Nunatsiaq Online
NEWS: Nunavut September 28, 2016 - 7:00 am

Iqaluit French school loses students due to lack of space: CSFN

"We have trouble understanding why the Grade 9 students are being denied access"

SARAH ROGERS
Nunavut's French-language school board and its only school, École des Trois-Soleils, pictured here, say that Iqaluit's District Education Authority denied a request to accommodate its four grade 9 students in classroom space at Inuksuk high school. The students eventually dropped out of Trois-Soleils to enroll at Inuksuk school. (PHOTO BY SARAH ROGERS)
Nunavut's French-language school board and its only school, École des Trois-Soleils, pictured here, say that Iqaluit's District Education Authority denied a request to accommodate its four grade 9 students in classroom space at Inuksuk high school. The students eventually dropped out of Trois-Soleils to enroll at Inuksuk school. (PHOTO BY SARAH ROGERS)

Nunavut’s French-language school board says that, for a third year running, no Grade 9 students will be enrolled at the board’s only school in Iqaluit, École des Trois-Soleils, even though accommodating them right now will not require the use of extra space at Inuksuk High School.

But it’s not for lack of interest or enrollment: The problem stems from the francophone school board’s lack of space at its own school for its secondary program, said Luc Brisebois, the chair of the Commission scolaire francophone du Nunavut.

And that’s a problem made worse by an ongoing disagreement with the Iqaluit District Education Authority and the Government of Nunavut’s education department, he said.

In recent years, the CSFN and the Iqaluit District Education Authority (IDEA) have had an agreement that allows Trois-Soleils Grades 10, 11 and 12 students and teachers to use classroom space at Inuksuk High School.

Trois-Soleils, a small school with a student population about 100, also has an agreement to use the gymnasium at nearby Aqsarniit middle school.

But when the school board asked the IDEA if the Inuksuk school could accommodate four new Grade 9 Trois-Soleils students this year, the school board said the DEA denied that request.

The four students have since dropped out of Trois-Soleils and enrolled in Grade 9 at Inuksuk, Brisebois said.

“It’s a really critical time in students’ lives,” he said.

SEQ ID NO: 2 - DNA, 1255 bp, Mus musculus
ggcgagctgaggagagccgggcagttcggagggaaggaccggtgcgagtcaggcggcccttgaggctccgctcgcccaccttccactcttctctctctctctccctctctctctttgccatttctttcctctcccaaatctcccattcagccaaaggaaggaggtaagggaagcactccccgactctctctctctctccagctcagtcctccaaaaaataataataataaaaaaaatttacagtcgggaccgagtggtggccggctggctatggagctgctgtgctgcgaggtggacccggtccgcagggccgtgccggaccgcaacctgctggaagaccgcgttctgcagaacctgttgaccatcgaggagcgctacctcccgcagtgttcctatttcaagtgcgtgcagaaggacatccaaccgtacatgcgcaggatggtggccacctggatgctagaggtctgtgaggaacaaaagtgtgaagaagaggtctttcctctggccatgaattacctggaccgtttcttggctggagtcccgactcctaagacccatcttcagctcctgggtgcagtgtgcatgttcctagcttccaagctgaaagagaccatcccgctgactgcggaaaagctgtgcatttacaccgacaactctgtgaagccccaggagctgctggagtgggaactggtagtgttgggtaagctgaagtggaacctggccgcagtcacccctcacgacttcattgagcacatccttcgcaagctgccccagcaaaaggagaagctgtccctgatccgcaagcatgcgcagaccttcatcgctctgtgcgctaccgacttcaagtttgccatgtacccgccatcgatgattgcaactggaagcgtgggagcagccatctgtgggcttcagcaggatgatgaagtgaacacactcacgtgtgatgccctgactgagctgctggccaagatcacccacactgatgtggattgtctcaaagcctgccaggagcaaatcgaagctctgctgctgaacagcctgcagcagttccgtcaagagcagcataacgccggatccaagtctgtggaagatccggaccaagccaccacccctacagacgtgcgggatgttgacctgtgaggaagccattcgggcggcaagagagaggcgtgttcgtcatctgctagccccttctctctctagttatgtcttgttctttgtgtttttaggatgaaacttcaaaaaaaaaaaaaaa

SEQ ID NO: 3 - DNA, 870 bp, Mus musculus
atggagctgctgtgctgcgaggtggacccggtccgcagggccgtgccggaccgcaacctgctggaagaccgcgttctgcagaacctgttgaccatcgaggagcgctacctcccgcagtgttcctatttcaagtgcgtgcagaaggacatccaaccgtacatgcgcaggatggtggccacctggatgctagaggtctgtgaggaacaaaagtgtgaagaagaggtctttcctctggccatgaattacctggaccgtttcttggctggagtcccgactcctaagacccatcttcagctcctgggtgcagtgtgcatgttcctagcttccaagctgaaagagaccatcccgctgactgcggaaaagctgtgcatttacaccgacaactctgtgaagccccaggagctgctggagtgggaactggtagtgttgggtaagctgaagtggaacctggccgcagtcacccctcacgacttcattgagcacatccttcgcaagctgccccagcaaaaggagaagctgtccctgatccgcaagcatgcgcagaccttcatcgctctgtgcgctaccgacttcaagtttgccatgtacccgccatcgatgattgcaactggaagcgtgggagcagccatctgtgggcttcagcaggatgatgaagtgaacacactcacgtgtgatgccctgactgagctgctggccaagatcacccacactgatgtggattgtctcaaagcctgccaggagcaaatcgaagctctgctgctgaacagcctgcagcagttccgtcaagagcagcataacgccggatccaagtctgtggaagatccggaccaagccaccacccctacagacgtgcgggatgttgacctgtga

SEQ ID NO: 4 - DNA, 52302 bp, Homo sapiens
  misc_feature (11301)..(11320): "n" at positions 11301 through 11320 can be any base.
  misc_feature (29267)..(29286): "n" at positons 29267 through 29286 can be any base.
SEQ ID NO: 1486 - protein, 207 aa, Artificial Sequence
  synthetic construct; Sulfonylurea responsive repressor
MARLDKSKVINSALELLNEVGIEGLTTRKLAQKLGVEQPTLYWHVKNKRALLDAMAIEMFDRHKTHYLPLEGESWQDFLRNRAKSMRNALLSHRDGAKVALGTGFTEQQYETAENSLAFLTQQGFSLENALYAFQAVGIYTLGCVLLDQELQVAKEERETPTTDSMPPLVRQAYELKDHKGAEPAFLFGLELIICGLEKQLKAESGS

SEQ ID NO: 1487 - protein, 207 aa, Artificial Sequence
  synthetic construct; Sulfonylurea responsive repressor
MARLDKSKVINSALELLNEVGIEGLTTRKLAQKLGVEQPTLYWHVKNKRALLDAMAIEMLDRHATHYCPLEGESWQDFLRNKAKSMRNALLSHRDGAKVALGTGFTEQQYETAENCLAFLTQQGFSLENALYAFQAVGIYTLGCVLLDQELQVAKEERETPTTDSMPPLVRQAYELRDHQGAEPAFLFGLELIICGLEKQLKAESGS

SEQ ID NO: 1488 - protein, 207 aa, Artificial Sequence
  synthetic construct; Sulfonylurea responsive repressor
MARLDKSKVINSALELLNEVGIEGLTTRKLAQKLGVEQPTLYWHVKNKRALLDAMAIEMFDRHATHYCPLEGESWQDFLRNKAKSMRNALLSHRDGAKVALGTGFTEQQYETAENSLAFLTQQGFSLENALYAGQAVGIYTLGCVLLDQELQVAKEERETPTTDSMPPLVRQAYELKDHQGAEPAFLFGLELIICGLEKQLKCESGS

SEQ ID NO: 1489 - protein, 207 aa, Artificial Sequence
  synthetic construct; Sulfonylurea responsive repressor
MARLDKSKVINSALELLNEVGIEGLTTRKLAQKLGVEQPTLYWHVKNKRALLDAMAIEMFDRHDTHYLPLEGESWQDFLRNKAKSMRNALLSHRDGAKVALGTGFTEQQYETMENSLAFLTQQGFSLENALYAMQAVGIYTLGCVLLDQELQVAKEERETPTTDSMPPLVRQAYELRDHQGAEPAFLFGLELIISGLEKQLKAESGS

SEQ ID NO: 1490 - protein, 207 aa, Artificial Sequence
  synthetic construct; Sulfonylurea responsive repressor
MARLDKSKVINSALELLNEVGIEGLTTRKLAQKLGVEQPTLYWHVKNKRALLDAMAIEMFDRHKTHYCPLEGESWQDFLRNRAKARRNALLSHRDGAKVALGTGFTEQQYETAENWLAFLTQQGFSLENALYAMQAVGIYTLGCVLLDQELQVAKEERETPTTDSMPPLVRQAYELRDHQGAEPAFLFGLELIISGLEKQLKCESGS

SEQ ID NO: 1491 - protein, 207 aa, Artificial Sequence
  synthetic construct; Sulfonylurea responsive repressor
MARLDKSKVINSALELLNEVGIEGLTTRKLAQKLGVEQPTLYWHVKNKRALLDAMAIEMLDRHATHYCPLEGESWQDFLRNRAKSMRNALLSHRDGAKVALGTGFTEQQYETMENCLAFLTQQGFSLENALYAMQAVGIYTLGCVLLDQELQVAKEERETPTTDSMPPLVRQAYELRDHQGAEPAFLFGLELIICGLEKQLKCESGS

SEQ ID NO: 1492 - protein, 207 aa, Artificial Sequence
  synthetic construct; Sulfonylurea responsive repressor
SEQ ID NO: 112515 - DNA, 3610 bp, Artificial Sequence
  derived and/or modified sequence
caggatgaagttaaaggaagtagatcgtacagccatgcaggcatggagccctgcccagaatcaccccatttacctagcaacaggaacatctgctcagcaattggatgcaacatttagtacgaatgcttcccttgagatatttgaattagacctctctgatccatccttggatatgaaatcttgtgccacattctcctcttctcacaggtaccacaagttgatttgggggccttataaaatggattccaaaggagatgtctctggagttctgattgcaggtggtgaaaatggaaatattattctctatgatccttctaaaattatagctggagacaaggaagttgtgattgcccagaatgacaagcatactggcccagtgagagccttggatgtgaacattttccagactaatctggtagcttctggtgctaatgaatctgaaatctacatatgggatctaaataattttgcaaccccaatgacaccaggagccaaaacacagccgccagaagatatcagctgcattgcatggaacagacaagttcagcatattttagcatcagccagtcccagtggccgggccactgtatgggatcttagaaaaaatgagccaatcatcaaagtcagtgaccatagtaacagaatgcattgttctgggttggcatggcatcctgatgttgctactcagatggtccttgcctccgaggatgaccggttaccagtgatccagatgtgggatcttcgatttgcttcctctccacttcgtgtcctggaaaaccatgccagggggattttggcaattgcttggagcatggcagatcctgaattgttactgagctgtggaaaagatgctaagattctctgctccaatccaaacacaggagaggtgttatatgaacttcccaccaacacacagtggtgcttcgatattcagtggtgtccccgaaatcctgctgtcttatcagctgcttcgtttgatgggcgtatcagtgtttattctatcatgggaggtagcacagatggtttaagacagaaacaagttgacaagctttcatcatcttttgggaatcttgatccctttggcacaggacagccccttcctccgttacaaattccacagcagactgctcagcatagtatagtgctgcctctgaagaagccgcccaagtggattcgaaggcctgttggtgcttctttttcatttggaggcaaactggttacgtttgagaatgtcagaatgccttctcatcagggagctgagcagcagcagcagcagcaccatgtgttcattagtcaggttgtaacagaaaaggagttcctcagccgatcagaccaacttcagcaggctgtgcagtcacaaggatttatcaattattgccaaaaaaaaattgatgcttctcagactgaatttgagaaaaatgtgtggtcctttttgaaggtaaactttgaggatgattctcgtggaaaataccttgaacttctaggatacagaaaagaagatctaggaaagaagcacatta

“The Grade 9 English stream at Inuksuk has better infrastructure, which offers them a better program. But we’re losing those students.”

Brisebois said the CSFN hadn’t even asked for additional space or resources; it planned to put the Grade 9 students in the same space as the Trois-Soleils Grade 10, 11, and 12 students, a group smaller than 10 students.

“So we have trouble understanding why the Grade 9 students are being denied access,” he said.

The discussion around access to that space has now grown into a three-way spat—partly a legal one—between the school board, IDEA and the GN.

After the IDEA initially denied the space to the CSFN in June, Brisebois said Nunavut’s education minister Paul Quassa intervened and confirmed in writing that Grade 9 students could in fact join Trois-Soleils’ program at Inuksuk for September 2016.

But earlier this month, Brisebois said the minister reversed his decision after the IDEA filed an injunction with the Nunavut Court of Justice to ban the Grade 9 students from Inuksuk.

Without a francophone high school, Brisebois says the IDEA may be concerned the CSFN will continue to request more and more space over the years to grow its program.

“We understand where they’re coming form, but we’re losing our students,” Brisebois said.

The IDEA and the GN’s education department have yet to respond to Nunatsiaq News requests for comment.

The IDEA has already made part of its position clear; the group put out a release earlier this month blasting the GN for meddling in an issue that it had no part in.

But Brisebois said the CSFN’s agreement is between the GN and the IDEA, so it’s the GN’s responsibility to ensure the French-language board has the resources it needs.

That issue prompted the school board to launch a lawsuit against the GN last year, citing its minority language rights under Section 23 of the Charter of Rights and Freedoms.

“It’s a right,” Brisebois said. “We’re in Canada, and when Nunavut was founded, French was made an official language. [The GN] needs to follow up on that.”

“We want [our own] high school wing built, but we can only build the school if we have the numbers,” he noted.

“It puts our entire school operation at risk.”

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